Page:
A number of the very latest advanced tools have been utilised to optimise the design of this new Non-Slam Nozzle Check Valve from SMX International. These have included computer flow modelling (computational fluid dynamics, CFD), as well as computer stress modelling (finite element analysis, FEA), and flow testing (using rapid prototype development and flow loop testing), both to improve dynamic performance and reduce hydraulic losses.

Maximised dynamic performance

First priority has been to improve on the dynamic performance of existing designs, as the key parameter. This has been successfully achieved by optimising the Venturi effect (using CFD to optimise the internal flow contour to achieve this); an ultra-short valve stroke (a 25 per cent reduction on existing nozzle check valve designs); and minimising the mass of the moving parts and ultra-low friction metal precision bearings. FEA has been used to develop an ultra-light webbed valve disc which, together with a hollow shaft, has resulted in an approximate 50 per cent weight reduction of the moving parts compared to existing nozzle check valve designs. Further, the metal bearings are coated with a high-tech PVD solid lubricant coating which reduces the friction to 25 per cent of traditional Teflon bearings.

A novel and powerful dual-spring closing action (patent pending) is key to the valve's ground-breaking dynamic performance. Traditional nozzle check valves employ only one spring and do not take full advantage of the Venturi effect which is inherent to this valve type. In designing this latest valve, the optimised Venturi effect (which creates a strong low pressure field behind the valve disc, adding a large hydrostatic component to the opening force) allowed the installation of a very strong secondary spring. The powerful dual-spring closing action, low inertia, ultra-low friction in the bearings and ultra-short travel distance of the disc result in this valve's excellent dynamic non-slam response. It closes rapidly before any appreciable reverse flow occurs, minimising slam, hammer effects and pressure transient through the piping system.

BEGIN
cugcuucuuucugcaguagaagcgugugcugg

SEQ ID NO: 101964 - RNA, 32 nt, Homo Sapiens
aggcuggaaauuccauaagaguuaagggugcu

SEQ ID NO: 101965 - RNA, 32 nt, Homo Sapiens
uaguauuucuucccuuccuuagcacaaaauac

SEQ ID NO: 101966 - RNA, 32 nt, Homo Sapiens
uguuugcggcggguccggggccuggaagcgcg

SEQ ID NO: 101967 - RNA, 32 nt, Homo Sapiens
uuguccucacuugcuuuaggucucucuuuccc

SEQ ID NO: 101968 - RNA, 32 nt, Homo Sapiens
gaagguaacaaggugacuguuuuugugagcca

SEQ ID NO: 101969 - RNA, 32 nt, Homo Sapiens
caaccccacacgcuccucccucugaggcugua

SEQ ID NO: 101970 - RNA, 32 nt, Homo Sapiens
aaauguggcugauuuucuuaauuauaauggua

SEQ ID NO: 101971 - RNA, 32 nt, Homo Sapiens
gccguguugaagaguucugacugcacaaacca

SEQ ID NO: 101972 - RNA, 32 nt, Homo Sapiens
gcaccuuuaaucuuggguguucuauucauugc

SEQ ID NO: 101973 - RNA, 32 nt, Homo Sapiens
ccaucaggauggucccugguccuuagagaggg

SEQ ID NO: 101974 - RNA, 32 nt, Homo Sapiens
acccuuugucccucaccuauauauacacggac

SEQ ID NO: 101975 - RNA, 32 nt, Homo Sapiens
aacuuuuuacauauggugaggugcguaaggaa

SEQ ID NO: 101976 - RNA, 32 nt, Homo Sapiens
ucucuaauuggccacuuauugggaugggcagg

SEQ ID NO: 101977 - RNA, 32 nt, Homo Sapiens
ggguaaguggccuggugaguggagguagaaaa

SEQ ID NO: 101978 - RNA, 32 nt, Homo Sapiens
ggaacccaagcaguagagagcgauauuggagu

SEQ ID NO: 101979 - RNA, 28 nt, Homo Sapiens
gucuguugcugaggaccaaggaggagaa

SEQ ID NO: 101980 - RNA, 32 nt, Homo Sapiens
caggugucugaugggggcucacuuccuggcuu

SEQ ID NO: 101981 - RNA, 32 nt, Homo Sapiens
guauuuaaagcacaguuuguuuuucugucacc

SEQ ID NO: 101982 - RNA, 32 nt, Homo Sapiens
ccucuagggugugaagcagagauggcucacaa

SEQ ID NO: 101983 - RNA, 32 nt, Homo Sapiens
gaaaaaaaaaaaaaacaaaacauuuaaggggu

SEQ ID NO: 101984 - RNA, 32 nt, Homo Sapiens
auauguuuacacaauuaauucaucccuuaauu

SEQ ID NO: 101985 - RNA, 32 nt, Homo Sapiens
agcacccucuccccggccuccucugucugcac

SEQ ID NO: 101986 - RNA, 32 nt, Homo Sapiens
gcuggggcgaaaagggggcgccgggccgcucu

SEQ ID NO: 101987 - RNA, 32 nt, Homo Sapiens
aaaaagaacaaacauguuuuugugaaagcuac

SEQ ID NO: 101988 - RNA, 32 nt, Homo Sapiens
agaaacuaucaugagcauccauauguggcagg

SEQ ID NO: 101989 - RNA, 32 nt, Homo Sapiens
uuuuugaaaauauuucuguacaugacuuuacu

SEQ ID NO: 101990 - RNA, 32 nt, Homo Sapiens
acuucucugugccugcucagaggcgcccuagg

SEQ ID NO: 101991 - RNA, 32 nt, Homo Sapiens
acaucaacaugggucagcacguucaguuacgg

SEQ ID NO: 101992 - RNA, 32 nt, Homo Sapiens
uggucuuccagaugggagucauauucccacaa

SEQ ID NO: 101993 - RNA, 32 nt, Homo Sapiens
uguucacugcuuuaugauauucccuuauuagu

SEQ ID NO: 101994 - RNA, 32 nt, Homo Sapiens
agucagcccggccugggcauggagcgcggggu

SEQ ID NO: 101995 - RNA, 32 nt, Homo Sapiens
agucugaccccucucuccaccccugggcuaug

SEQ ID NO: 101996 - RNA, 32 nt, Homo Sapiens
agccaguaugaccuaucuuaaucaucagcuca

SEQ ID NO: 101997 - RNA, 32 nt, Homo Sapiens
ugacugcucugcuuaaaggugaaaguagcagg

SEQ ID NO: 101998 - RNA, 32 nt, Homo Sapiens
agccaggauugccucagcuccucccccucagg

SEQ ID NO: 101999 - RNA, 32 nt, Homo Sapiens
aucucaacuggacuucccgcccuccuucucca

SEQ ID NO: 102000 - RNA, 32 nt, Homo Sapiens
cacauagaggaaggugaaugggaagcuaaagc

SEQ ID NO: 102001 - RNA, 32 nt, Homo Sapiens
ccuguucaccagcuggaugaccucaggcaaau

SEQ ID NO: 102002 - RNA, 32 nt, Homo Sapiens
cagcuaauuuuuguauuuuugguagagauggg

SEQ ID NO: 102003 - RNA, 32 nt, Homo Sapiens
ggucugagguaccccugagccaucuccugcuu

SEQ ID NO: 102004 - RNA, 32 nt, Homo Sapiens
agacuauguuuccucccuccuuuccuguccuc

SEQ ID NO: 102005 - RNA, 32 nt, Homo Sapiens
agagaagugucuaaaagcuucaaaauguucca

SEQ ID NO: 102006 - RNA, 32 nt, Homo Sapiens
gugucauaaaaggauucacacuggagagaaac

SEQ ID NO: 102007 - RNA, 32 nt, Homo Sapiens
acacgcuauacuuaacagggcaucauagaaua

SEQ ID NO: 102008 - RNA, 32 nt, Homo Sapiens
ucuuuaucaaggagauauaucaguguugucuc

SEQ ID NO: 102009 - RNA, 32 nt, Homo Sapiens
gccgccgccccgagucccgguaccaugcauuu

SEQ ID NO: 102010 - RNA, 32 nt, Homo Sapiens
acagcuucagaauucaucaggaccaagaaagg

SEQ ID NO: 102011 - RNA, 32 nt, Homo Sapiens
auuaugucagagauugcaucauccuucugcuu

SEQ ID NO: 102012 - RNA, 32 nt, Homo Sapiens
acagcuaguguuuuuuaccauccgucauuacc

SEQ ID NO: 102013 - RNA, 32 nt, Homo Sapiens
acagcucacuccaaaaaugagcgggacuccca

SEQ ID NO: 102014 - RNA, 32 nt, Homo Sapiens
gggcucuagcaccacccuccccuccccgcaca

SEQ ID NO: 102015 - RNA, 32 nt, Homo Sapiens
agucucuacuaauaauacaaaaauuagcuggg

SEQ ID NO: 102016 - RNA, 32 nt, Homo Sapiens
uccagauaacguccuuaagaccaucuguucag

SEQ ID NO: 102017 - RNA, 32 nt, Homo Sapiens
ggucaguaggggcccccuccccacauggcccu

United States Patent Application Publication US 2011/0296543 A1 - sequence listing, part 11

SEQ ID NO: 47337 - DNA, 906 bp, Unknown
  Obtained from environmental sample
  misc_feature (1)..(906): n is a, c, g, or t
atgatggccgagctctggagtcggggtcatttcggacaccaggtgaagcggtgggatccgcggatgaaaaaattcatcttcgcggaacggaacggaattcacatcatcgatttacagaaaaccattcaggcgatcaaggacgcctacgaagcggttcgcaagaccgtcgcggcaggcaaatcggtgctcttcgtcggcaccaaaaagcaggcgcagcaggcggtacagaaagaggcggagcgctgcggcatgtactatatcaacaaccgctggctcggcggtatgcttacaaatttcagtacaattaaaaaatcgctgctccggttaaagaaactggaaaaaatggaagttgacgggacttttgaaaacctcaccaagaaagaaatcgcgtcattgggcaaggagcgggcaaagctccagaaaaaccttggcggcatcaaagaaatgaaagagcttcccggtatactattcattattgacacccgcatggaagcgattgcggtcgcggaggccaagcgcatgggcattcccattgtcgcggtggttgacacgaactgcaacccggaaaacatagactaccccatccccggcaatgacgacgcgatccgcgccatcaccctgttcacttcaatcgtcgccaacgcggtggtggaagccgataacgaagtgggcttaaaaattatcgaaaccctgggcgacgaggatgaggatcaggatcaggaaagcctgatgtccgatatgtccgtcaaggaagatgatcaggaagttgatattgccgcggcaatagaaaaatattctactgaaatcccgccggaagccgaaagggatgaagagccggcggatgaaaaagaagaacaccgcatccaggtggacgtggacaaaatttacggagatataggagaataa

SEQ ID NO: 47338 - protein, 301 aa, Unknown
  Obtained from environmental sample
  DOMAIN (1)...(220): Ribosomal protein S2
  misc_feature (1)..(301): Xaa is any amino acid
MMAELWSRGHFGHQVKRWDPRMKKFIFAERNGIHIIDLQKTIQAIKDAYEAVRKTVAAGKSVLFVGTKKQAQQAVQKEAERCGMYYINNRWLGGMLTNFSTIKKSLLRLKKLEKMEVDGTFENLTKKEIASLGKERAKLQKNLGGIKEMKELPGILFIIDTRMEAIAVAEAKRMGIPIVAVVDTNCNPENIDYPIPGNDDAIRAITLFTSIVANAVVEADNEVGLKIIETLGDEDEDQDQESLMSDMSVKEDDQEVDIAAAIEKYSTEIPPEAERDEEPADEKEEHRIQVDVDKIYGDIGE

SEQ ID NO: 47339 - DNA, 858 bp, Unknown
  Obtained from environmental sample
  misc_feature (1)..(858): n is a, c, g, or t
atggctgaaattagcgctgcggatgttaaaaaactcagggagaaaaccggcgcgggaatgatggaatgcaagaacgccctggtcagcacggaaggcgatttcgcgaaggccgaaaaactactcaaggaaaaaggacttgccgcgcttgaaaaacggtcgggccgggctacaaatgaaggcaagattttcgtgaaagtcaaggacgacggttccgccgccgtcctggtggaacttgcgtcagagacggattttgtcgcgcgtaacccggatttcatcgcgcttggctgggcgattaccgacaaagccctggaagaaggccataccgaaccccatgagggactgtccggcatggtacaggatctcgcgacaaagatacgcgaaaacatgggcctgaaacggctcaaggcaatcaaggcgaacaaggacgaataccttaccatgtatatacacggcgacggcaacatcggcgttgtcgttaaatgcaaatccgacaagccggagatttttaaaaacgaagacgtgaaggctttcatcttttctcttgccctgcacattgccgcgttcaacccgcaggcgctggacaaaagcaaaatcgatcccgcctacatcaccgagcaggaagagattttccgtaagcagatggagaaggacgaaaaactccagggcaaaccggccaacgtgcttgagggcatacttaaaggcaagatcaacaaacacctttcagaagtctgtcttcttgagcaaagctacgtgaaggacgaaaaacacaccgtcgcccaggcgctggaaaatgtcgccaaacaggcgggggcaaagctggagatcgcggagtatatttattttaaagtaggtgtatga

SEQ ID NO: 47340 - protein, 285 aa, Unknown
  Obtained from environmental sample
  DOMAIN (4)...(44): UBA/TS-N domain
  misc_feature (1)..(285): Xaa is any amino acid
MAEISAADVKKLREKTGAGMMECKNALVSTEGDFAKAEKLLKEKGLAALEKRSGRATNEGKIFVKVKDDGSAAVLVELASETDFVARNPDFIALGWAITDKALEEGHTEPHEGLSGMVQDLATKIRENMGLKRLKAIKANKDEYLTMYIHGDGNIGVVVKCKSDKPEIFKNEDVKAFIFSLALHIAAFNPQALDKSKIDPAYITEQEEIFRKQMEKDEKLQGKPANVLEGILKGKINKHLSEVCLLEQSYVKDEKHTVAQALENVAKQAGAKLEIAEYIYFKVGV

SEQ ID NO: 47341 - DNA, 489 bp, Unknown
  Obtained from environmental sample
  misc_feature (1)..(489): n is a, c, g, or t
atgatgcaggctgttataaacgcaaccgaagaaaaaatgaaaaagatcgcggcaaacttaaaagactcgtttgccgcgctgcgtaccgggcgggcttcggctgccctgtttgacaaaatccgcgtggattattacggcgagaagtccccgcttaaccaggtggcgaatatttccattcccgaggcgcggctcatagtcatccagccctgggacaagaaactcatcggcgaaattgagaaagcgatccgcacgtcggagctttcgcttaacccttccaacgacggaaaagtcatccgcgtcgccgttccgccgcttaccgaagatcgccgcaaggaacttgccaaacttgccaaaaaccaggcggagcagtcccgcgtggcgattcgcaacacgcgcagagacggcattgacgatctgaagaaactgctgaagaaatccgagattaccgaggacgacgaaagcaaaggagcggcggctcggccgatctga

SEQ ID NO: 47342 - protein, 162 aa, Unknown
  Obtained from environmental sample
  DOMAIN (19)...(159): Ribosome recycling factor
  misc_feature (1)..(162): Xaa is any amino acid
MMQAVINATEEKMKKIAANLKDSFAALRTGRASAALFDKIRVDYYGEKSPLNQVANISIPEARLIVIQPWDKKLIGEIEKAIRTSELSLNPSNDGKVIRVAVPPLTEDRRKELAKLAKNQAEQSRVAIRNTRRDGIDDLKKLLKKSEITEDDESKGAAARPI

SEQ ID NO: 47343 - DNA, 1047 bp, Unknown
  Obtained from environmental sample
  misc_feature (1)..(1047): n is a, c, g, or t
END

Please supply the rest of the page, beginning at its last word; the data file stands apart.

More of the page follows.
Minimised pressure loss

A further aspect of the design optimisation lies in minimising hydraulic or pressure loss. Lower pressure loss will increase the transmission efficiency, reducing compressor fuel consumption, with environmental benefits and reducing the life cycle cost (LCC) of the valve. The incremental fuel cost of the compressor arising from pressure loss across the valve is the largest component in the check valve's LCC.